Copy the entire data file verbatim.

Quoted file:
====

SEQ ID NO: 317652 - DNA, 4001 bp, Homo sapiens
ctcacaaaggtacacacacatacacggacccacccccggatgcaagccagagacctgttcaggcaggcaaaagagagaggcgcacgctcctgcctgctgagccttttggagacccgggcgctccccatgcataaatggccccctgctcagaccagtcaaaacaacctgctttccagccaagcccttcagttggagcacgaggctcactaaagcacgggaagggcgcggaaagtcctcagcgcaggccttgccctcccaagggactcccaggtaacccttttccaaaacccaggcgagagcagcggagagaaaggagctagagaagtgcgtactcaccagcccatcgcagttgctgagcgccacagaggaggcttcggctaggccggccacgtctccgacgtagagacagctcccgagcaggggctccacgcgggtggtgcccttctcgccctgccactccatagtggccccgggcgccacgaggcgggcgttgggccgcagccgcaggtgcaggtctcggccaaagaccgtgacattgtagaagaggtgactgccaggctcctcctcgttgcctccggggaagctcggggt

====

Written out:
SEQ ID NO: 317652 - DNA, 4001 bp, Homo sapiens
ctcacaaaggtacacacacatacacggacccacccccggatgcaagccagagacctgttcaggcaggcaaaagagagaggcgcacgctcctgcctgctgagccttttggagacccgggcgctccccatgcataaatggccccctgctcagaccagtcaaaacaacctgctttccagccaagcccttcagttggagcacgaggctcactaaagcacgggaagggcgcggaaagtcctcagcgcaggccttgccctcccaagggactcccaggtaacccttttccaaaacccaggcgagagcagcggagagaaaggagctagagaagtgcgtactcaccagcccatcgcagttgctgagcgccacagaggaggcttcggctaggccggccacgtctccgacgtagagacagctcccgagcaggggctccacgcgggtggtgcccttctcgccctgccactccatagtggccccgggcgccacgaggcgggcgttgggccgcagccgcaggtgcaggtctcggccaaagaccgtgacattgtagaagaggtgactgccaggctcctcctcgttgcctccggggaagctcggggt